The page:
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The Connection Between Breast Density and Breast Cancer

CSR researchers conducted a study on breast density since breast density is known to reduce the sensitivity of mammography and is a moderate independent risk factor for breast cancer. Virginia is one of 24 states that require patients to be notified if they are found to have dense breasts, but little is known about awareness among women about the potential risks of breast density. The goal of this survey was to assess public knowledge about breast density and its impact on mammography and breast cancer risk. All phone surveys were conducted by trained, female interviewers from June through October 2013, producing a random sample of 1,024 Virginia women between ages 35 and 70 years without breast cancer, reached by landline and cell phone. The phone interview was 24 minutes long on average. 

After performing bivariate and multivariate analysis, the data show that more than 90% of women in this study said they had done something in the last 5 years to check themselves for breast cancer. Three-fourths of these women had a mammogram in the last 5 years. More than 50% did breast self-examinations, and 40% have had some type of clinical breast examination. In an open-ended question, women were asked to list any factors they knew that either increased or decreased a woman’s risk of developing breast cancer. Only 0.8% of the respondents mentioned breast density as a risk factor (ranking 22 by frequency of mention) and only 25% of the women in the study said they had heard anything about the relationship between breast density and breast cancer risk.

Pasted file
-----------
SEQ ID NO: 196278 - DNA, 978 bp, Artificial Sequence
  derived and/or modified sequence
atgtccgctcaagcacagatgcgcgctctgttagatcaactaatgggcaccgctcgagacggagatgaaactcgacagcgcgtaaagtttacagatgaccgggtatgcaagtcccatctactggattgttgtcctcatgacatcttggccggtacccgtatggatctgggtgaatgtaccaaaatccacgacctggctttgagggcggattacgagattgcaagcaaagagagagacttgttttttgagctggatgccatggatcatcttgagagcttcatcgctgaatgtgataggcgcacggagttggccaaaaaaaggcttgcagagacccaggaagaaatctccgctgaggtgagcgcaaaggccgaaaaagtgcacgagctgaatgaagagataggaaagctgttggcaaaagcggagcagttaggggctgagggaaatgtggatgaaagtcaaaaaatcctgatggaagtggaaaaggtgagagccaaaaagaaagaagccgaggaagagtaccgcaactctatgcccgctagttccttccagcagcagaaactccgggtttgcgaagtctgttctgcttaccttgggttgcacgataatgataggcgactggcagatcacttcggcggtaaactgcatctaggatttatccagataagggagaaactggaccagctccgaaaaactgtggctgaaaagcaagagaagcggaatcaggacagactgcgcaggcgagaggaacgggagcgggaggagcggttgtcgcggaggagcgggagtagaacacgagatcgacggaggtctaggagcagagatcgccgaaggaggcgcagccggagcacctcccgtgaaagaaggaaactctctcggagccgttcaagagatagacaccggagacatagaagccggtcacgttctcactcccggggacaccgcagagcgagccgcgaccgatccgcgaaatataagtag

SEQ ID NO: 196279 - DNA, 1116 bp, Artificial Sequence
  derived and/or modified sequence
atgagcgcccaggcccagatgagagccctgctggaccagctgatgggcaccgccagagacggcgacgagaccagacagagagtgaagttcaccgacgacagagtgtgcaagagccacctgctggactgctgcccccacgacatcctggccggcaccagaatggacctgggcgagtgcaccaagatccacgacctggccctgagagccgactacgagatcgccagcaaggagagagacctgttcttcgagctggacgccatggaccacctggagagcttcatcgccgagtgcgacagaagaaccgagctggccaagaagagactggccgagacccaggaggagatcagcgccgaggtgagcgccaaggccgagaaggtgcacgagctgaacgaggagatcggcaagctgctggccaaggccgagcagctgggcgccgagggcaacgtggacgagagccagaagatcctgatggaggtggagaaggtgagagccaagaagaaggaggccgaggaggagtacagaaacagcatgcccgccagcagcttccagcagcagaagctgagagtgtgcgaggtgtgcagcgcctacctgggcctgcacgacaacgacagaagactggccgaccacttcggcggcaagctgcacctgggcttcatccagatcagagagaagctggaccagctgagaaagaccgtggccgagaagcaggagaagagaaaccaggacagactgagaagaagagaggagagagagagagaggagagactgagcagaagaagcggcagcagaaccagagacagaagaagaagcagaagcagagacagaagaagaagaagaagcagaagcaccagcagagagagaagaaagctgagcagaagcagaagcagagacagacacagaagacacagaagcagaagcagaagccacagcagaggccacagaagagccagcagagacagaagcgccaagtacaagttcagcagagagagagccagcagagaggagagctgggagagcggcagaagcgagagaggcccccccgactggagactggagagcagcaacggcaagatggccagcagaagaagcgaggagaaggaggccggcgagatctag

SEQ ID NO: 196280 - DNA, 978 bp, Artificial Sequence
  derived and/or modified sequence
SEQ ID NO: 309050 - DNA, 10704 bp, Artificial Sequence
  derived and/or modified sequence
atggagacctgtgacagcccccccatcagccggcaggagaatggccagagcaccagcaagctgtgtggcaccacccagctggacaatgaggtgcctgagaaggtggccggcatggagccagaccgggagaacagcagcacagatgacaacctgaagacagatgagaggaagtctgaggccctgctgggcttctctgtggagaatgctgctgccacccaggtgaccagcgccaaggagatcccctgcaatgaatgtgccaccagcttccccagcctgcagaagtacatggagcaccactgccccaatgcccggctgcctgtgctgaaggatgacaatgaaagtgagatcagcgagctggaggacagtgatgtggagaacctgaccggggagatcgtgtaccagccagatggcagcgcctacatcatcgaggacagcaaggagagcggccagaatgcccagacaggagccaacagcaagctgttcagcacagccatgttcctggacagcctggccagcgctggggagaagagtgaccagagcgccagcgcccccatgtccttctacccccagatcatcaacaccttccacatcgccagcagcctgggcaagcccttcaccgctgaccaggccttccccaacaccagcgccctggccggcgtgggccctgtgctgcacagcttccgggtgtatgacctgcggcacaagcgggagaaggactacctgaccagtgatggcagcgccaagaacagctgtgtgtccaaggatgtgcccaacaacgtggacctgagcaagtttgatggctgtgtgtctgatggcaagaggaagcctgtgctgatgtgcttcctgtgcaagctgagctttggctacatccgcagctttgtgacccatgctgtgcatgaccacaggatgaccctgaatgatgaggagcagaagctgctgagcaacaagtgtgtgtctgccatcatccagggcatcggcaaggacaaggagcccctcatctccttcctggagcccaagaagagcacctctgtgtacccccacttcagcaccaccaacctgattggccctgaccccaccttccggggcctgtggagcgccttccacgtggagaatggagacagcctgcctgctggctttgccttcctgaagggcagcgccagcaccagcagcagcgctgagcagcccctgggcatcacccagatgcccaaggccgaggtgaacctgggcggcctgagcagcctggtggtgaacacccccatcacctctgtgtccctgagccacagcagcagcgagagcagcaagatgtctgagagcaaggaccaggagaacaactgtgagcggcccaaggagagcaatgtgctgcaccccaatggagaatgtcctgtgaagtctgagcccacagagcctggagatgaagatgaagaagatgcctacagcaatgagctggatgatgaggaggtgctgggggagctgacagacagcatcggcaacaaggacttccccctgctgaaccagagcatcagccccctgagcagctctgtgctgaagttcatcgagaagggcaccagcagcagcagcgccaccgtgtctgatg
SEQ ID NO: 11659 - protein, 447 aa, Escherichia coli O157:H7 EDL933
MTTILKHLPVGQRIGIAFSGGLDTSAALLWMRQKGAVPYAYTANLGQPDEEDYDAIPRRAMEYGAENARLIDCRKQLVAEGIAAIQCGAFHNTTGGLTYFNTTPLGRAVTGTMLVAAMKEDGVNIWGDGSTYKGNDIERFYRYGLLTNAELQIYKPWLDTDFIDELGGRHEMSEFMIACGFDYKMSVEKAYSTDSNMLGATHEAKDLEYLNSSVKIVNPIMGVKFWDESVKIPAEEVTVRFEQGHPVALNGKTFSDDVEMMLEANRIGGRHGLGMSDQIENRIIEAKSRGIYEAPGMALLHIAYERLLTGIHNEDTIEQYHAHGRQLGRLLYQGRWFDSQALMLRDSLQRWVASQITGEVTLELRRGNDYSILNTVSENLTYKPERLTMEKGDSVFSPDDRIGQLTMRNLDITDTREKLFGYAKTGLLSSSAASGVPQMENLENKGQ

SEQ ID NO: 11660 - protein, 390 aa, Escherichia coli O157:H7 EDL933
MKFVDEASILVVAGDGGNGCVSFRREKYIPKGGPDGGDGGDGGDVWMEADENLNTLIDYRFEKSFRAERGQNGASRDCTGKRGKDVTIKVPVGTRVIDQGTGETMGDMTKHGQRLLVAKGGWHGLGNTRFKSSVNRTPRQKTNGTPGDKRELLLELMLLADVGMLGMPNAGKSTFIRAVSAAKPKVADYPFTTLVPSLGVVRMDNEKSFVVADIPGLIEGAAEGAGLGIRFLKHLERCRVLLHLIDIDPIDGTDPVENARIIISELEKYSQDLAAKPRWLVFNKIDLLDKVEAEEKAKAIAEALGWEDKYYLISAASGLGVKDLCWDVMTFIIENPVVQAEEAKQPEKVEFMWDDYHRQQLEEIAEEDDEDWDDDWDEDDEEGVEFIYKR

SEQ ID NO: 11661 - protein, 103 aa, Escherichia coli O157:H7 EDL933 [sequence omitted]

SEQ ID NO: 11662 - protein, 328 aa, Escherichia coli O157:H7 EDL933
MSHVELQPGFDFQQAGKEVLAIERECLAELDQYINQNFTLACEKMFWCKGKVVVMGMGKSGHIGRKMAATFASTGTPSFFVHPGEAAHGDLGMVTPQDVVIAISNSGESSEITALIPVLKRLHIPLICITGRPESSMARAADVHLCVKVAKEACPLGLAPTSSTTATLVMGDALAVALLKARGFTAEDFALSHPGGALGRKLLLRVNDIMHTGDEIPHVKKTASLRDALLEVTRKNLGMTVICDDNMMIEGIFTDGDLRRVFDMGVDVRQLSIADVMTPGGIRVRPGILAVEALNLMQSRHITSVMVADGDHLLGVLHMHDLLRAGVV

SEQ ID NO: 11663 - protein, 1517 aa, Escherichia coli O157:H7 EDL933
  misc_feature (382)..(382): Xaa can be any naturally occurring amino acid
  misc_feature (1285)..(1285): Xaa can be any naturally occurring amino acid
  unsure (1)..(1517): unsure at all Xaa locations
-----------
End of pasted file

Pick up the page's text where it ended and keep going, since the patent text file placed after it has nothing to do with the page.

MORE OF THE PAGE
Bar chart showing subjects' accuracy of breast density knowledge.
Figure: Accuracy of breast density knowledge.

Importantly, the results show that being notified about one’s breast density does not equate to understanding what breast density implies for breast cancer risk or mammogram accuracy. The recent move in Virginia to notify women about their breast density assumes that, given better information, women will make better choices about their breast health. The study results show, however, that merely informing a woman about her breast density does not provide adequate information. The results point to a need for much broader efforts to raise awareness among women of what breast density implies for their cancer risk and their choice of screening practices. 

For the full report, download the file below. 


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